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Dividend investors are generally seeking to invest in stable companies that can sustain dividend payments for a long time.
Moreover, they seek to acquire these companies at a relatively attractive valuation. Here, one of the main criteria of an attractive valuation is to have a high dividend yield.
In other words, we are looking for stable blue-chip companies that have above-average market yield.
But can we find such investments in the market now?
The answer is yes! Here are two such companies.
The Global Bank
The first company that we will explore here is HSBC Holdings plc (SEHK: 0005). As a quick introduction, HSBC is one of the largest banking and financial services organisation in the world, serving more than 39 million customers.
There are plenty of reasons to like HSBC as a dividend stock.
To start with, it has a long track record of paying dividends to its investors. Here some numbers to consider: In 1999, it paid a dividend per share (DPU) of US$0.34, which has grown over the next two decades to US$0.51 in 2018.
Moreover, it never once misses its dividend payment, even in the great financial crisis of 2009.
In addition to its strong dividend track record, HSBC is now trading at an attractive dividend yield of 6.5% (based on its latest share price of HK$ 60.85). Assuming that the bank can sustain its profitability for the next few years, investors will be pocketing a nice 6.5% return each year!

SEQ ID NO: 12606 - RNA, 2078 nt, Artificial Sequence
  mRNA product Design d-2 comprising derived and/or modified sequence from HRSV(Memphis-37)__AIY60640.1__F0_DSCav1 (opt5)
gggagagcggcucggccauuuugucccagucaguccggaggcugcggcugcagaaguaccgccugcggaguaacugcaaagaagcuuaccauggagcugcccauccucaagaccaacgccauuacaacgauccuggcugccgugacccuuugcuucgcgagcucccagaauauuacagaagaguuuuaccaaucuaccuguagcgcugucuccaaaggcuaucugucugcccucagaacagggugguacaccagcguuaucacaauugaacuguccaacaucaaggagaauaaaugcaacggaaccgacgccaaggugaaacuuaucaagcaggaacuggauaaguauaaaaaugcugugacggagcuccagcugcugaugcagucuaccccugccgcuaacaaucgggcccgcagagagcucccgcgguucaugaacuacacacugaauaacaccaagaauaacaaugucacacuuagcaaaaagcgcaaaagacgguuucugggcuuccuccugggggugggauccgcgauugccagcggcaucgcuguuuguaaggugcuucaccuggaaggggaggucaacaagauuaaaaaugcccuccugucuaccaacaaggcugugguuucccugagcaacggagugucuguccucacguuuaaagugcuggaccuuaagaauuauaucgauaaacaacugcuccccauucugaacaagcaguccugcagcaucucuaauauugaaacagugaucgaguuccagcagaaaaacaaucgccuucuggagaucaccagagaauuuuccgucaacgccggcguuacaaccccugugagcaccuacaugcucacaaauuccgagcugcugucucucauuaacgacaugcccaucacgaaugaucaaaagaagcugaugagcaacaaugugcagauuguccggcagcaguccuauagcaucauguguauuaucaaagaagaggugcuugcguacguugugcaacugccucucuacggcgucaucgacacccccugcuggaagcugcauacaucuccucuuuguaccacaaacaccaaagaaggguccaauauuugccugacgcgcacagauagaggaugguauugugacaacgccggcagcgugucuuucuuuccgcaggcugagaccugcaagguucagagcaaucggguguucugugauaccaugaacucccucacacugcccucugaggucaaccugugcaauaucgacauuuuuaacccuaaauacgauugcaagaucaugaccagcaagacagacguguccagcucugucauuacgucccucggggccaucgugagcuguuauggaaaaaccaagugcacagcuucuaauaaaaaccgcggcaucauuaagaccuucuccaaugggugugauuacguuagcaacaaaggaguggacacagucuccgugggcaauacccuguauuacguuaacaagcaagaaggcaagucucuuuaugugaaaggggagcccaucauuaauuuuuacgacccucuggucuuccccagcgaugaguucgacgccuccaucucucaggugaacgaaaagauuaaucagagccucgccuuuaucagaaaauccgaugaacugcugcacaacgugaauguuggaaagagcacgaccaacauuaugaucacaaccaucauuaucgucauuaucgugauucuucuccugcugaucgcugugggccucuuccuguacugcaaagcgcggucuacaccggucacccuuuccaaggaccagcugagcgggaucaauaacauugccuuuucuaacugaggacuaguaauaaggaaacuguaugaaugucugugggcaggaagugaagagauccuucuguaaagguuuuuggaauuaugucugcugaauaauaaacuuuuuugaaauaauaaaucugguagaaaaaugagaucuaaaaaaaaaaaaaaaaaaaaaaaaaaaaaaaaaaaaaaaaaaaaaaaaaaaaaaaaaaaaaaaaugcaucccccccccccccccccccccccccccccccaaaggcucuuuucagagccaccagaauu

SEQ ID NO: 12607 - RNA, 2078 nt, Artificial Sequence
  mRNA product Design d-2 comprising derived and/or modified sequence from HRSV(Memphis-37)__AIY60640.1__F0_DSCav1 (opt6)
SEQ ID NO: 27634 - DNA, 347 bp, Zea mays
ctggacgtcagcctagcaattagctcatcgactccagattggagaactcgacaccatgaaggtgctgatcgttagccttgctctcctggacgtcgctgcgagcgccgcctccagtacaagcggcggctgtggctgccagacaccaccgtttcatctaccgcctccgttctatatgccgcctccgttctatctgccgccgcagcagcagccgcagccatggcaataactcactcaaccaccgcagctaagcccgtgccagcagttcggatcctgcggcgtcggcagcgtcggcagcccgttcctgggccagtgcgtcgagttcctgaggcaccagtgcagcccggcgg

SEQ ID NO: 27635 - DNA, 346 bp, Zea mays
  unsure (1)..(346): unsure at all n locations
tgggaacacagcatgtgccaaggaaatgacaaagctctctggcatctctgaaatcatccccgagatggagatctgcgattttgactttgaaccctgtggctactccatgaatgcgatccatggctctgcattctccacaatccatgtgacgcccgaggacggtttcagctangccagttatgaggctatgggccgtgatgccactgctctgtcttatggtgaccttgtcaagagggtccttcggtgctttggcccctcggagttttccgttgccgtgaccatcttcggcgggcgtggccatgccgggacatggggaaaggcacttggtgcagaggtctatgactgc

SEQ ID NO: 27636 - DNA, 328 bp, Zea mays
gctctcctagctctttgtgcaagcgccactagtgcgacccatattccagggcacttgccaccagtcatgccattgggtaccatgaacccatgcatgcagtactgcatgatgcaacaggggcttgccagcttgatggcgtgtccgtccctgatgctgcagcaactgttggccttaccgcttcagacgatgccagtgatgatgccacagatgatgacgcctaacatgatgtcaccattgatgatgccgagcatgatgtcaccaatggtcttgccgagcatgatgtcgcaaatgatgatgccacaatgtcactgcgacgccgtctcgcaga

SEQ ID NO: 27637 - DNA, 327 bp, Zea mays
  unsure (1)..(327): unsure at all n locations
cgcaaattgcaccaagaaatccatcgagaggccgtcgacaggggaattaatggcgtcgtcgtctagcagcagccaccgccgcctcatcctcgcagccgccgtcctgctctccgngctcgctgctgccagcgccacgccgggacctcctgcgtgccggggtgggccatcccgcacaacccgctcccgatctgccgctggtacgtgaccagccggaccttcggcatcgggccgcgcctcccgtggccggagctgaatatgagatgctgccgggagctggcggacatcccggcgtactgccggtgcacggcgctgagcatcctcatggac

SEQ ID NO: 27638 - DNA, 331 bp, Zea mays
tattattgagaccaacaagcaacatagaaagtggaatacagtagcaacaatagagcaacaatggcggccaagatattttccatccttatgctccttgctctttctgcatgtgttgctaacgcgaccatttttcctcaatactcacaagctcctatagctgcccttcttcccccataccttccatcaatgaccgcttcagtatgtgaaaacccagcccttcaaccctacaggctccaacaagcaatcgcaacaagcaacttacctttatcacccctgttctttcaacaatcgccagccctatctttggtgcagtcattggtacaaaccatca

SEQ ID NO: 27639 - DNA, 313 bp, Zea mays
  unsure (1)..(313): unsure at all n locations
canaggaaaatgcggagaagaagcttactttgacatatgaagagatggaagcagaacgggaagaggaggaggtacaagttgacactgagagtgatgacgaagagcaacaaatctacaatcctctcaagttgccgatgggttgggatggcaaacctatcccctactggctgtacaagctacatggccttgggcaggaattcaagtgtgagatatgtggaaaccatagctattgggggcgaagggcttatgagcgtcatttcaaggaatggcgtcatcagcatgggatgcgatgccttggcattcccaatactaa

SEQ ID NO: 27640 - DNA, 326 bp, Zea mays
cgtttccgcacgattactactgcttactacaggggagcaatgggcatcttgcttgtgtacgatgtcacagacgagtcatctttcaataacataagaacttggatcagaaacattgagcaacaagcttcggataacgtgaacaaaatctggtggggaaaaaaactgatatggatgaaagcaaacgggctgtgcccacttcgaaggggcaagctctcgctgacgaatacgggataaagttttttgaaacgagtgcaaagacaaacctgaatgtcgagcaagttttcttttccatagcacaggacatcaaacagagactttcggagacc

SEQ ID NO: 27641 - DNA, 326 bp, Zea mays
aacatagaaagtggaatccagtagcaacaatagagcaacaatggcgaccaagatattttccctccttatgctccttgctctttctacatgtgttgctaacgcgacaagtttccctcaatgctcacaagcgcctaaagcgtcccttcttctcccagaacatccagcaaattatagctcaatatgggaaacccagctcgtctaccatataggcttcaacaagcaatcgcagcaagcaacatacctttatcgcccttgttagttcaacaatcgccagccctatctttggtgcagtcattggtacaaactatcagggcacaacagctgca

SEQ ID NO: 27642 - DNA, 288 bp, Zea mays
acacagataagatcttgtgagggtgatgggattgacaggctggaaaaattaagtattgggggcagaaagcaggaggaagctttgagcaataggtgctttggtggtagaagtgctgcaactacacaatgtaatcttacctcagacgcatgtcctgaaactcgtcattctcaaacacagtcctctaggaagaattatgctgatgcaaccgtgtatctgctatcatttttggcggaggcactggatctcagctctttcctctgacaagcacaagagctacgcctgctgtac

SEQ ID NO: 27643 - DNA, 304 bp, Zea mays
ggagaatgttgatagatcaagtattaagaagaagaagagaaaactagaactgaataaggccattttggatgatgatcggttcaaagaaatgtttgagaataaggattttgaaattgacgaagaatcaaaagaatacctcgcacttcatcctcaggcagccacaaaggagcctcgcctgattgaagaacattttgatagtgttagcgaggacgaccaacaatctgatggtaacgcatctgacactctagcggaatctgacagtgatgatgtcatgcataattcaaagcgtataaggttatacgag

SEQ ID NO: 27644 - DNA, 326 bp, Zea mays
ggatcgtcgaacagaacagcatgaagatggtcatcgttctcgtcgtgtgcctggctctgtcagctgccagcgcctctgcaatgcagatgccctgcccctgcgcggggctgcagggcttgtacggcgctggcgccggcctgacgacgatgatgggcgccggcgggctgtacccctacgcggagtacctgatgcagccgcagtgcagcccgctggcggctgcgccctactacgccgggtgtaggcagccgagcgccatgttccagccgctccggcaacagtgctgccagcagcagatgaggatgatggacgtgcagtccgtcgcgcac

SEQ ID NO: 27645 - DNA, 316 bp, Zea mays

The Local Bank
The other company to look at is also a bank – Hang Seng Bank (SEHK: 0011).
For starters, Hang Seng Bank is one of the leading banks in Hong Kong. It is part of the HSBC Group, which holds a majority equity interest of 62.14% in the bank. Unlike HSBC Group, however, Hang Seng Bank focuses its business mainly in Hong Kong and mainland China.
As a local bank, the company’s stock price was badly affected in the last year, which could largely be attributed to the negative consequences of the protests in Hong Kong.
At HK$161, the bank’s stock has lost close to 25% of its market capitalization from the high of HK$ 212.6. This makes it stocks particularly attractive for dividend investors given its high yield of 4.7%.
Going forward, the company’s business performance, as well as investor sentiments, will likely be affected by the continued protests in Hong Kong. Nevertheless, we think this too shall pass, and the company’s long-term business fundamentals should remain intact.
2019 has not been a good year for both banks above.
Nevertheless, dividend investors might want to explore both companies now given their high dividend yield, as well as long term business prospects.
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The information provided is for general information purposes only and is not intended to be personalised investment or financial advice. Motley Fool Hong Kong contributor Lawrence Nga doesn’t own shares in any companies mentioned.